cartingThe PathOnce a product has been carted, the shopper’s level of commitment to purchasing has increased.Decisions have been made – color, size, quantity – product images have been evaluated and the shopperhas made the decision to start checking out…or have they? According to a Google/Ipsos study, 45% ofshoppers will use your shopping cart to store information to be viewed on a different device at a later time.Consumers are now aware that abandoning their carts does not truly mean they are undoing all of the timeand work it took to cart the products. Many shoppers are simply saving this information to shop when it’sconvenient or they have had a chance to weigh their purchase decision.All of this adds a more complex layer to this part of the path to purchase. Some shoppers take the fork inthe path that is truly abandonment while others are just taking a break. These are two unique consumerbehaviors and marketers must be able to speak to these two types of customers in ways that help themalong their way to submitting their order.The PavementThere are two scenarios when a shopper first arrives in your shopping cart. They are either going toimmediately cruise through checkout and submit an order, or they are going to get nervous on some leveland the abandonment issues kick in. As a marketer, you are there to help them out. You must meet yourcustomer’s anxiety and indecision with options and solutions. The user experience of the cart and checkoutmust be streamlined and painless. You need to take every step to eliminate the risk of technical issues.Anxiety and IndecisionFirst, examine your shopping cart pages. Sticker shock is one of the primary causes for immediate shoppingcart abandonment. According to a study by Forrester, 36% of shoppers did not buy items because theyfelt the total cost of the purchase was higher than expected. The gap between perceived cost and actualcost is usually a combination of taxes, shipping choices and other fees that are not unveiled and totaleduntil a shopper visits the shopping cart. This is compounded by the 27% of shoppers who did not pay foritems because they want to comparison shop before completing their order. With total order costs beingthe first major fork in the road to abandonment, it’s important to provide this information upfront in thecheckout process. Bronto’s study, “From Abandon to Conversion: Why Shoppers Abandon Carts and WhatMerchants Can Do About It,” found that 64% of brands are showing shipping costs on the first page ofthe checkout process while nearly 1-in-4 (22%) do not show shipping costs until the fourth page or later.Considering how consumers are shifting between devices and channels to shop and buy, your shoppingcart expiration should allow enough time for a shopper to fully evaluate the purchase. If you are seeing lowconversion rates on abandoners, test an extended cart lifespan to see if your customers need more time tocommit to the buy.Some of your shoppers may intentionally use your shopping cart as a wish list to store items and revisit at alater time. While there are benefits to the shopper and marketer by having dedicated wish list functionality, thisconsumer behavior exists and you should acknowledge in your marketing efforts. Including a “save cart forlater” option will give you an indication that the cart is not being completely abandoned. This will open thedoor to create awareness of your wish list capabilities and to send a cart reminder message that speaksto revisiting the cart to continue shopping rather than recovering an order that was abandoned.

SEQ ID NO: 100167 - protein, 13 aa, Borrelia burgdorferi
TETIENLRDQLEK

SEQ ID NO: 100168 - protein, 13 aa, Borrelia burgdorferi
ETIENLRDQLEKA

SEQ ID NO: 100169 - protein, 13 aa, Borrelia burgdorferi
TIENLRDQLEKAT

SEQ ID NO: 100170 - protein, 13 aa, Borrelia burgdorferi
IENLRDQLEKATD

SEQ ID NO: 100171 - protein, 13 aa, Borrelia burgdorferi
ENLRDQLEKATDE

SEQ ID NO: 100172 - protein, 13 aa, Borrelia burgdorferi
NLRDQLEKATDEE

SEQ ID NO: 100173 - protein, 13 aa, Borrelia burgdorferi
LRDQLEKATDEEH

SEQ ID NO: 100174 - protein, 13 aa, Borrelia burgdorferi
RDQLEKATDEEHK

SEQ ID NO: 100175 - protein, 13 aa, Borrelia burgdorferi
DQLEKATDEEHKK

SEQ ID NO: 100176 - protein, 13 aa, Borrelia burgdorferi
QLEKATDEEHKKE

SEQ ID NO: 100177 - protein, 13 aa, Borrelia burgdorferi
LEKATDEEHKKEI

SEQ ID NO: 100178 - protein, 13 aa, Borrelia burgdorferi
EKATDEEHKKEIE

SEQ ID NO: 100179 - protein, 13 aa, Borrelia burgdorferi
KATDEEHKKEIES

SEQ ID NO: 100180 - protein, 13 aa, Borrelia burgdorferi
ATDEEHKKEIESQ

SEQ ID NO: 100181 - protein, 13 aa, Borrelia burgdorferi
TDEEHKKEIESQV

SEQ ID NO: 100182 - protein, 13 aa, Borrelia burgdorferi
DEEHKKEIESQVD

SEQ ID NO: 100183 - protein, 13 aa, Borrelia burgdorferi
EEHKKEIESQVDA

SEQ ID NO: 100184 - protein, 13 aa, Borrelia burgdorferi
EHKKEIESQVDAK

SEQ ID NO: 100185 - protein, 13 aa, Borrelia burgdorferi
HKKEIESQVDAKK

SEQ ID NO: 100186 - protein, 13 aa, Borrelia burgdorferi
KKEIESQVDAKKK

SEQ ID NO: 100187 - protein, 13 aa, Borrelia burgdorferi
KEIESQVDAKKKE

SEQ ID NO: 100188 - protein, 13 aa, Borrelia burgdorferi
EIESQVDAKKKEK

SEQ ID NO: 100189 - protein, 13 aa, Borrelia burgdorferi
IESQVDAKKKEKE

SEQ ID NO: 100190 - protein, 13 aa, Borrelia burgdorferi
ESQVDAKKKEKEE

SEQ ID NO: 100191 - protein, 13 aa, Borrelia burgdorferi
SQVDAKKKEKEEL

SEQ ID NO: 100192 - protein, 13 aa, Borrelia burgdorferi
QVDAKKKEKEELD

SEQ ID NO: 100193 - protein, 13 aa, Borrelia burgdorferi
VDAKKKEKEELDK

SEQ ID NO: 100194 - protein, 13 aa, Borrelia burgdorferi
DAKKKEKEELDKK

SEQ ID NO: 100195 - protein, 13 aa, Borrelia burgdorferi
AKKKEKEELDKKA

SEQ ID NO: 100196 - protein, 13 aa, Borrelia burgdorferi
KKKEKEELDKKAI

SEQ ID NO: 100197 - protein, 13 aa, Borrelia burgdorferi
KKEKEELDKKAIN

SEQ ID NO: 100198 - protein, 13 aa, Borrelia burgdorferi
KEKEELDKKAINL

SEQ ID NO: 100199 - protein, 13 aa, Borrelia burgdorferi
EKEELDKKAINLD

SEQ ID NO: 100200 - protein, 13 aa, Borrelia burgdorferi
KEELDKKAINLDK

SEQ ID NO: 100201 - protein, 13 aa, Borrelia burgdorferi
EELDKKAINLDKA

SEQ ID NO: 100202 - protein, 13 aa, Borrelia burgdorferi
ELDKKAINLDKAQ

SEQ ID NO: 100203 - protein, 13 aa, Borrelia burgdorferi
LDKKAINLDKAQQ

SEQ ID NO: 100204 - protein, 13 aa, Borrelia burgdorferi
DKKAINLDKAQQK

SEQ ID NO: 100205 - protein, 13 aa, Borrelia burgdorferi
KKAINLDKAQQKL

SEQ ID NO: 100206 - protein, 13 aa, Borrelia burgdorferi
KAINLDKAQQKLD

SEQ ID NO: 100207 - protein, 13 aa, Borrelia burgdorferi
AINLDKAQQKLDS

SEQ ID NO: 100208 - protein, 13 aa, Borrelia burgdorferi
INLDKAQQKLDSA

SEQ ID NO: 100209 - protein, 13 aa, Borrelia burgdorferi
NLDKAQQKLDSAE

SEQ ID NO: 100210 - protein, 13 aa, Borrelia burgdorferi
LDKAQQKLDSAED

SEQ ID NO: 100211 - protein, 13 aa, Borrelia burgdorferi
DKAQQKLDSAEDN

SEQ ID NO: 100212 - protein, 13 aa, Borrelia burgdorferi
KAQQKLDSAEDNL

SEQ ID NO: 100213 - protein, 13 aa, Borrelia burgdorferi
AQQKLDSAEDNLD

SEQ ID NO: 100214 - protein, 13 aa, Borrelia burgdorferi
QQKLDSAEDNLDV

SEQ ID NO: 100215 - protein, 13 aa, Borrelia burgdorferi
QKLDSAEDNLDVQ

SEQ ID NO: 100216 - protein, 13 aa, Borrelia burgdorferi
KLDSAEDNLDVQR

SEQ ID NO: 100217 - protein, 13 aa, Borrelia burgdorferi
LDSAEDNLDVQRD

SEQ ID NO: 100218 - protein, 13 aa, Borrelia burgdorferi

Items that a shopper carts will likely contain more than she intends to actually purchase. The shoppingcart must allow the shopper to modify the items in her cart to the exact list she wishes to order. Only 21%of brands allow customers the option of modifying product quantities within the cart. Additional optionslike size, color and gift options save the shopper time by avoiding clicks out of the cart and back to theproduct page to make the necessary changes.Aldo gives shoppers the option to change sizeand color in the shopping cart. Not only can theseoptions help decrease cart abandonment but theyalso save shoppers the time and effort of revisitingthe product page to make modifications.Abandoned Cart Reminder EmailsAlthough 47.5% of marketers say they send an abandoned cart email according to Bronto and RSRResearch’s “Harnessing the Power: How Retailers Collect and Use Purchase-Related Data,” only 13%of brands actually sent this type of message. Only 8% of abandoners will return to complete an orderwhen no abandoned cart reminder is sent compared to a conversion rate of 20% when the message issent. Clearly not reminding your shoppers about their carts means lost revenue.For those brands sending abandoned cart reminders, 73% send the email within 12 hours of abandonment,though there is clearly no silver bullet with the actual timing rather evenly distributed.How long after the cart is abandoned do you send your first abandoned cart reminder email?25 - 48 hours> 48 hours< 1 hour1 hour13 - 24 hours2 hours3 hours5 - 12 hours5 hours4 hoursSource: “Harnessing the Power: How Retailers Collect and Use Purchase-Related Data”– Bronto Software and RSR Research